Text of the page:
I understand they attempt to simulate a real world crash, and that it gives you a level field to compare, but as of a few years ago the tests were stuck in the past. Basically every new car earned a perfect rating, leading to the addition of pedestrian collision tests and the offset frontal. Suddenly a lot of cars didn't fare too well. If a car is safe, it should protect its occupants almost regardless of the circumstances (see my above comment about the old-school frontal test).

At any rate, Volvo's whole safety selling point still works for them, even if everyone else has largely caught up and adopted a similar methodology. I still think my original question is something one should think about, even if the answer is unknowable.

The fact still remains that modern cars are incredibly safe. My buying decisions for vehicles don't even take crash test ratings into consideration partially because of that. Full disclosure: I am unmarried and have no children, so matters of practicality are absent from my car buying rationale, therefore letting performance and looks take over. It might also be connected with my watch collection.

Angelo

Dan: I agree. But there are different tests performed by different organizations----and I read that this particular test (the subcompacts) was better than the others at simulating real world driving/accidents. But your point is well taken---and when I buy a new vehicle, I look at a lot of different factors in combination to make my choice. One thing that is often overlooked by people is passive safety vs. active safety. My 1993 BMW 325i is an example of a car, in my opinion, with incredible active safety for the time it was built. I don't know what the crash ratings were on that car----but I know that when I am driving that car, I have a much better chance at avoiding an accident in the first place because the car handles exceptionally well, brakes on a dime and can accelerate out of a mess too. Now, none of that holds true for snow/ice covered roads because it's horrible on snow. Luckily, I have 3 other vehicles of my own and also a full time company car. I have five vehicles to choose from at any given time and often pick based on where I'm going/what I'm doing.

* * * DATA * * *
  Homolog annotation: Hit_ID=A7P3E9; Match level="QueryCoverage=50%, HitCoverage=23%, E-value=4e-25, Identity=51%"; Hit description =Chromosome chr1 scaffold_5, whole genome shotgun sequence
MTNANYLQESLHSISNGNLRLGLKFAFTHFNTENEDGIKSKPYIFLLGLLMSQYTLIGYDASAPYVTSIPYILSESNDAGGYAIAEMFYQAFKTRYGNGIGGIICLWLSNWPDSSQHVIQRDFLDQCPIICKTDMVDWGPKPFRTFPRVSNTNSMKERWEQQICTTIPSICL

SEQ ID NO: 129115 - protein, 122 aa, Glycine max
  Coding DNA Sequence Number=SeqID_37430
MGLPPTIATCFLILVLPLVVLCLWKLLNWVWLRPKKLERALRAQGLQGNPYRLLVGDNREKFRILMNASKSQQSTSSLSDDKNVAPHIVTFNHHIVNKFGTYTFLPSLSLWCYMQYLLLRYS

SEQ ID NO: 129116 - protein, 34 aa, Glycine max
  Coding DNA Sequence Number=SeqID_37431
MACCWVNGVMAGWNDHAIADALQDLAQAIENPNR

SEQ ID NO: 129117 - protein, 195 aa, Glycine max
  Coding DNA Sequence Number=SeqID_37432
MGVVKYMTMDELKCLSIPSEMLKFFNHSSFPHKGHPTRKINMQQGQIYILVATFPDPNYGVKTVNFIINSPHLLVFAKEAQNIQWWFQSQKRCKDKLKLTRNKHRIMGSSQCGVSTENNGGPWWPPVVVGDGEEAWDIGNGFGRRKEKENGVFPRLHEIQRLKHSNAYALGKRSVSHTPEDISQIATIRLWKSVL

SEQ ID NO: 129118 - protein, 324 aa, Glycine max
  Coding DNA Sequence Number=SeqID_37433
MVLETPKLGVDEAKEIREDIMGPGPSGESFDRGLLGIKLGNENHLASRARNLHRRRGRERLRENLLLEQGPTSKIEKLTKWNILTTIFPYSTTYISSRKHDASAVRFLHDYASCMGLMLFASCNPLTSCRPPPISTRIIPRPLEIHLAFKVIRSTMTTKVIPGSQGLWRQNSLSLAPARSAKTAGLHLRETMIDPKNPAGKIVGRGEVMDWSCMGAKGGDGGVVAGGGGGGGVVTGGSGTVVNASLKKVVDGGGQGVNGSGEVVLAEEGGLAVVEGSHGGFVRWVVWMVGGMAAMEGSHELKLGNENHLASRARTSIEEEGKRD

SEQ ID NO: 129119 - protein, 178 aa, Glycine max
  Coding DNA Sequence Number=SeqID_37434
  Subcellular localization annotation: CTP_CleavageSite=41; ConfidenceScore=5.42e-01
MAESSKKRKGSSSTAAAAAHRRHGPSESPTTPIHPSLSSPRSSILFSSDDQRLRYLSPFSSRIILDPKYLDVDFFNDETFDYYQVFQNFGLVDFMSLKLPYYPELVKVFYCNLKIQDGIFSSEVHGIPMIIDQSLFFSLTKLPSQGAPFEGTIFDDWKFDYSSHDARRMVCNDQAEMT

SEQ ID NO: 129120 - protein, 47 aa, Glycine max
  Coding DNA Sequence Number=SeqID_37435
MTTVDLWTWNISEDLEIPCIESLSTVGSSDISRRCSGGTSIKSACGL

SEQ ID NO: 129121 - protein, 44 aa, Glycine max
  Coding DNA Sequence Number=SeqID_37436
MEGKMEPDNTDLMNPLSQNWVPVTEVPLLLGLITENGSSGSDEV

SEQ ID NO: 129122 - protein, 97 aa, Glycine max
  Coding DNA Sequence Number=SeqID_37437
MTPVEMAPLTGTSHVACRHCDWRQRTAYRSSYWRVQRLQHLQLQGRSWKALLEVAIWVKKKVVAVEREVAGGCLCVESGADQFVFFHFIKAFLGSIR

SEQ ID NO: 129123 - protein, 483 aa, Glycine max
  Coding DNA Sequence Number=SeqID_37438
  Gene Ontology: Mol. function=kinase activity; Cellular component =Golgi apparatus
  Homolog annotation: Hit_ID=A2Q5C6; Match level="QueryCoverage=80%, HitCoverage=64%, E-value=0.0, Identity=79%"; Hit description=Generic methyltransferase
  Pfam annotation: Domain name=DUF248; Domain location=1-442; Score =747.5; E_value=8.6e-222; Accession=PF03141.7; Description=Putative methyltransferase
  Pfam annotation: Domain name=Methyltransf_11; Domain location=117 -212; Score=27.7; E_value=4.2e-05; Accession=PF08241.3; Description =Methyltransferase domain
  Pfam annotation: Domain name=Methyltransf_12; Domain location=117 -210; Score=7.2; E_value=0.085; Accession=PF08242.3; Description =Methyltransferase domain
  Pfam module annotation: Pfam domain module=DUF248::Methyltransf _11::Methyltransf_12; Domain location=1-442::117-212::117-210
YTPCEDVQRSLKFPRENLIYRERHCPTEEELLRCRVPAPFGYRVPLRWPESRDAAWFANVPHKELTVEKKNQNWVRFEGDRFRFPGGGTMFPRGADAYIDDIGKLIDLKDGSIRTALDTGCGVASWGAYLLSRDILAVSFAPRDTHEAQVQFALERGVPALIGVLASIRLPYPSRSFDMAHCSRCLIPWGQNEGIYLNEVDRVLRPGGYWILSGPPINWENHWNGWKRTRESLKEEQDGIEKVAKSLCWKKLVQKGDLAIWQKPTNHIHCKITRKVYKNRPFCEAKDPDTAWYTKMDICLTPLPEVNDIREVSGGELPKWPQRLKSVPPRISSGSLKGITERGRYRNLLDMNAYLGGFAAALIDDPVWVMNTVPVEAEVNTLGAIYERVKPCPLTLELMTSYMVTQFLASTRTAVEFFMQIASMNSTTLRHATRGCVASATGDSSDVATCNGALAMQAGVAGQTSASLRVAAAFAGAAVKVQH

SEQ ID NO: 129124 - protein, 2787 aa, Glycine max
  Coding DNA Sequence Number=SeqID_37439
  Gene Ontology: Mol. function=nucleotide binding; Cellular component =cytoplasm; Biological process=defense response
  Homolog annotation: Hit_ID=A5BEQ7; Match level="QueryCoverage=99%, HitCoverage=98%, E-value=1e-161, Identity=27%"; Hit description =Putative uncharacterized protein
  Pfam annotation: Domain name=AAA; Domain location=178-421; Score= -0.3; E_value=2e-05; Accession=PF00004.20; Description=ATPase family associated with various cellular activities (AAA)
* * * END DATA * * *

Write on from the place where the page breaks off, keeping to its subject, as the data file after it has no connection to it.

Dan

Ha, BMW 3-series owner here too. Yes, the predictable handling and good visibility really help me drive defensively. Sometimes I fear that my car's exceptional braking will lead to someone ELSE hitting me.

Verify your Comment

Previewing your Comment

This is only a preview. Your comment has not yet been posted.

Working...
Your comment could not be posted. Error type:
Your comment has been posted. Post another comment

The letters and numbers you entered did not match the image. Please try again.

As a final step before posting your comment, enter the letters and numbers you see in the image below. This prevents automated programs from posting comments.

Having trouble reading this image? View an alternate.

Working...

Post a comment

Your Information

(Name and email address are required. Email address will not be displayed with the comment.)

Advertisements






  • Advertisements
My Photo

Advertisements






  • Advertisements

Advertisements






  • Advertisements

Advertisements






  • Advertisements

October 2017

Sun Mon Tue Wed Thu Fri Sat
1 2 3 4 5 6 7
8 9 10 11 12 13 14
15 16 17 18 19 20 21
22 23 24 25 26 27 28
29 30 31        
Blog powered by Typepad

Pages

Companion Website: Breakthrough Writer

My Photo

Become a Fan